There is not enough time today to spell out what this project would entail.
Certainly it would include an awareness of the sweeping consequences of peak energy and climate change. To my way of thinking, it would also involve frank recognition that the core belief of contemporary civilization – that technological development brings economic prosperity, the sure pathway to universal human well-being – is now an exhausted, largely discredited myth.
A realization of this kind need not be occasion for despair. It is clear that humanity must somehow live more lightly on planet Earth, a challenge that necessarily moves questions of social justice to the forefront of concern.
Can the inquiries of philosophers and the anthems of world societies be written in a new key signature?
Strike up the band.

Saturday, May 21, 2011

A Conceptual Map of the Real Democracy Now! demonstrations in Spain

While it helps to have a Spanish dictionary at hand, the basic landscape is clear: contemporary events, deeper histories, national and international organizations, actions, and the interweaving of the Net and political life. The map is included in a web site announcing a radio broadcast for Sunday, May 22, linking the various sites of protest around Spain.

Here's the web page:

Live video of the Puerta del Sol encampment:

While the U.S. media has take little notice of these events (too busy worrying about important matters like Arnold Schwarzenegger's illegitimate child), the BBC lead story this afternoon was a report on widespread demonstrations in Spain and their significance for the upcoming elections.

Thursday, May 19, 2011

Wednesday, May 18, 2011

Manifesto of the Real Democracy Now (¡Democracia Real YA!) movement

Here's the English translation of a Manifesto issued by the movement of unemployed young people and other citizens that is rocking Spain at present. Its points could apply to the U.S.A. and elsewhere, in my view.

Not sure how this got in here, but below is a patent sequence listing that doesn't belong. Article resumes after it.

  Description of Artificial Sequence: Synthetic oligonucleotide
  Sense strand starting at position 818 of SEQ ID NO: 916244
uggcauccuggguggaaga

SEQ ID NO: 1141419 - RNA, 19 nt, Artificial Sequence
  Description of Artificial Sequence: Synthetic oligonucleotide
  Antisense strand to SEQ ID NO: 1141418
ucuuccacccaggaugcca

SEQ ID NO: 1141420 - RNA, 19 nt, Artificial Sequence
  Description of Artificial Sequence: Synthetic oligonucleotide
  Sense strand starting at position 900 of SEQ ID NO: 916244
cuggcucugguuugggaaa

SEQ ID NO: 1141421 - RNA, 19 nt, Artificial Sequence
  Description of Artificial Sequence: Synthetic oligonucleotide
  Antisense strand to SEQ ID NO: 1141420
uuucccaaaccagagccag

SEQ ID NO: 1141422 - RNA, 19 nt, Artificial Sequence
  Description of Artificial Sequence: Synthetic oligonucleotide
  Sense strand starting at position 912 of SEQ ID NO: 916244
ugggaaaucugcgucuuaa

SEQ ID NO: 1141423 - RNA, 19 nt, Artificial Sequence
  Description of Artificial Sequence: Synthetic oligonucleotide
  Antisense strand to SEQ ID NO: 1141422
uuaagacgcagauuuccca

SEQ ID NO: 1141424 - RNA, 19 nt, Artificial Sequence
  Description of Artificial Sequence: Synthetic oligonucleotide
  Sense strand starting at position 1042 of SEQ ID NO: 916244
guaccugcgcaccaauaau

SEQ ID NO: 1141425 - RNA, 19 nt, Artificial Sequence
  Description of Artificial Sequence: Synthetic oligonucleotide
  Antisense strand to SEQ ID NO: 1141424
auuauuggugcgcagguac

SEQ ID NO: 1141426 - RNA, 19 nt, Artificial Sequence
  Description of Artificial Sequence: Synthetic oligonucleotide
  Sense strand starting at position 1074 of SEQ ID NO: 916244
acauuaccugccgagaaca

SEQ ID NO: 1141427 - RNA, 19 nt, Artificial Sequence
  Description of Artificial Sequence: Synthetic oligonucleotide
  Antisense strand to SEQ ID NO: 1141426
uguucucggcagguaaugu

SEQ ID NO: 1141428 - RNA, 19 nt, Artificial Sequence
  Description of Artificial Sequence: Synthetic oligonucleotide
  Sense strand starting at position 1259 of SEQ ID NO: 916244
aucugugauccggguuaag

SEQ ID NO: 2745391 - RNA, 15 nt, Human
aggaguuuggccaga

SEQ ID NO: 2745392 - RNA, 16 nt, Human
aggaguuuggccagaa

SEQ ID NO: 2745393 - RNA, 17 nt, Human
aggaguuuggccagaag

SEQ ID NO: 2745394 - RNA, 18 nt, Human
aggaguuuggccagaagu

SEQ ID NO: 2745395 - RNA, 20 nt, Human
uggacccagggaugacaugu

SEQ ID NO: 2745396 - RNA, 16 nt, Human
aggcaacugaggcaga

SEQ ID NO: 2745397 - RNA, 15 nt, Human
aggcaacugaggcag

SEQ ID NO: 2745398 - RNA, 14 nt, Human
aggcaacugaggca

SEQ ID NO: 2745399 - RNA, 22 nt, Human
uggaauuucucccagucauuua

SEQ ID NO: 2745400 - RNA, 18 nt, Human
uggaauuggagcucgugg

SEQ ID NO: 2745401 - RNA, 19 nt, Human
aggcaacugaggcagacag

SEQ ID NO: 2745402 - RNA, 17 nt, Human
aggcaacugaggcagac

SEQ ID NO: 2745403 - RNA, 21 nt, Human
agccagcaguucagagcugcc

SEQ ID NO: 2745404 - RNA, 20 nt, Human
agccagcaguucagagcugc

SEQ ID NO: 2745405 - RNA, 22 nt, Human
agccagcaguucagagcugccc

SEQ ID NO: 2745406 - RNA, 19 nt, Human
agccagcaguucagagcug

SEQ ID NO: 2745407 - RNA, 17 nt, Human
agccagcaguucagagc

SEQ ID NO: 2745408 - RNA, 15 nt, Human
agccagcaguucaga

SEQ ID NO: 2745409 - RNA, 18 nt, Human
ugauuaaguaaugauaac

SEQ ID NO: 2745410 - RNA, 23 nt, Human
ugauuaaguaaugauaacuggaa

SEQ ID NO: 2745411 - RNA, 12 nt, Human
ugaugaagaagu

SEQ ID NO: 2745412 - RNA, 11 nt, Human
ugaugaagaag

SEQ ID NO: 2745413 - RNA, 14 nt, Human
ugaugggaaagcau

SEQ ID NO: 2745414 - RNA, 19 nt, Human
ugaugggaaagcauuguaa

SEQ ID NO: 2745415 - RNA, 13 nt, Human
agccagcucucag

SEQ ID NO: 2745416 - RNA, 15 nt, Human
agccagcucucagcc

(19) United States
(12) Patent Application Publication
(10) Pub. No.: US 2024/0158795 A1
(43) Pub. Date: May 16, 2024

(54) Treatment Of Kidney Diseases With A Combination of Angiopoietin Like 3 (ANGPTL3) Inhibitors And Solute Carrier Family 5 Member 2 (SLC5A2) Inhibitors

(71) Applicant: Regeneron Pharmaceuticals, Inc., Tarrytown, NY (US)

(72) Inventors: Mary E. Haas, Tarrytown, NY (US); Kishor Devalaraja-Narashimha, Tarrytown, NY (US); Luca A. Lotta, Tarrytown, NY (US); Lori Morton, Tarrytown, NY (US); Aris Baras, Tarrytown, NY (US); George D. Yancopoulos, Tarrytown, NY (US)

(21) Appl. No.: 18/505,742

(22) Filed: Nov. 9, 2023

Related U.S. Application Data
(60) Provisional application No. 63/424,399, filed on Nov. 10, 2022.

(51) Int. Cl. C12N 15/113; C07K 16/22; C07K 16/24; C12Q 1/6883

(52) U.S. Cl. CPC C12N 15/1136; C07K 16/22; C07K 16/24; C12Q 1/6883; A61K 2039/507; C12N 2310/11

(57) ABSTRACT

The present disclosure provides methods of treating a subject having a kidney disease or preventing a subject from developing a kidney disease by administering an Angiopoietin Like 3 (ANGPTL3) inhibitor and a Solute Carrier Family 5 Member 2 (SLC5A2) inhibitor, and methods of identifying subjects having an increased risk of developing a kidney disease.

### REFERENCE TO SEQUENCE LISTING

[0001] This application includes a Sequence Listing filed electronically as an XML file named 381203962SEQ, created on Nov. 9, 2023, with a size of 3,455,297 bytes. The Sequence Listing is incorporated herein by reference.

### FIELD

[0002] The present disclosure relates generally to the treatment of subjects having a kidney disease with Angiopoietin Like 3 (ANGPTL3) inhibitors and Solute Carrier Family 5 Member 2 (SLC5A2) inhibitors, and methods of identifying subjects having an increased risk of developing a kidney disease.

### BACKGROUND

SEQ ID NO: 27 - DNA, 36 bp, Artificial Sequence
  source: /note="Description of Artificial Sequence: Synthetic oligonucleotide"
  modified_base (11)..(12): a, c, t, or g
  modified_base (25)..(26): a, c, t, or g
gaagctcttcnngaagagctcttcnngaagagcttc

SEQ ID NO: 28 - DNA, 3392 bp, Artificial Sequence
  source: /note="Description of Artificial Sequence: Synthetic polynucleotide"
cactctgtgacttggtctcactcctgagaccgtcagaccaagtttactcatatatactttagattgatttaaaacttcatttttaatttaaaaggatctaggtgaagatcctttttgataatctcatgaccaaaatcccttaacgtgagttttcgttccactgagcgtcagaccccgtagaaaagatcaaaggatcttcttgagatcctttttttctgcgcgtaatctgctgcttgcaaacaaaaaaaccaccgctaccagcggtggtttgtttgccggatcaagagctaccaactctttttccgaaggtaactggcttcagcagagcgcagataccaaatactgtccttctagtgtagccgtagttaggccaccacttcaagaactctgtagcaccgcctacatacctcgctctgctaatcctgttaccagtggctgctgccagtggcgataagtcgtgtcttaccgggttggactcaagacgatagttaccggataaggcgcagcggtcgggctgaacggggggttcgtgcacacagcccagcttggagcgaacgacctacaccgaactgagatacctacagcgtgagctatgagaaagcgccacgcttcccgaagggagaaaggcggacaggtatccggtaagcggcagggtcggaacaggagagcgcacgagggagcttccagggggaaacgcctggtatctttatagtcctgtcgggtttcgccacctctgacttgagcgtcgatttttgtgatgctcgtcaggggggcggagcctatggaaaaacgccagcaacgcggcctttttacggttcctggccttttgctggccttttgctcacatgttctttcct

We are ordinary people. We are like you: people, who get up every morning to study, work or find a job, people who have family and friends. People, who work hard every day to provide a better future for those around us.
Some of us consider ourselves progressive, others conservative. Some of us are believers, some not. Some of us have clearly defined ideologies, others are apolitical, but we are all concerned and angry about the political, economic, and social outlook which we see around us: corruption among politicians, businessmen, bankers, leaving us helpless, without a voice.
This situation has become normal, a daily suffering, without hope. But if we join forces, we can change it. It’s time to change things, time to build a better society together. Therefore, we strongly argue that:
The priorities of any advanced society must be equality, progress, solidarity, freedom of culture, sustainability and development, welfare and people’s happiness.
These are inalienable truths that we should abide by in our society: the right to housing, employment, culture, health, education, political participation, free personal development, and consumer rights for a healthy and happy life.
The current status of our government and economic system does not take care of these rights, and in many ways is an obstacle to human progress.
Democracy belongs to the people (demos = people, krátos = government) which means that government is made of every one of us. However, in Spain most of the political class does not even listen to us. Politicians should be bringing our voice to the institutions, facilitating the political participation of citizens through direct channels that provide the greatest benefit to the wider society, not to get rich and prosper at our expense, attending only to the dictatorship of major economic powers and holding them in power through a bipartidism headed by the immovable acronym PP & PSOE.
Lust for power and its accumulation in only a few; create inequality, tension and injustice, which leads to violence, which we reject. The obsolete and unnatural economic model fuels the social machinery in a growing spiral that consumes itself by enriching a few and sends into poverty the rest. Until the collapse.
The will and purpose of the current system is the accumulation of money, not regarding efficiency and the welfare of society. Wasting resources, destroying the planet, creating unemployment and unhappy consumers.
Citizens are the gears of a machine designed to enrich a minority which does not regard our needs. We are anonymous, but without us none of this would exist, because we move the world.
If as a society we learn to not trust our future to an abstract economy, which never returns benefits for the most, we can eliminate the abuse that we are all suffering.
We need an ethical revolution. Instead of placing money above human beings, we shall put it back to our service. We are people, not products. I am not a product of what I buy, why I buy and who I buy from.
For all of the above, I am outraged.
I think I can change it.
I think I can help.
I know that together we can.I think I can help.

I know that together we can.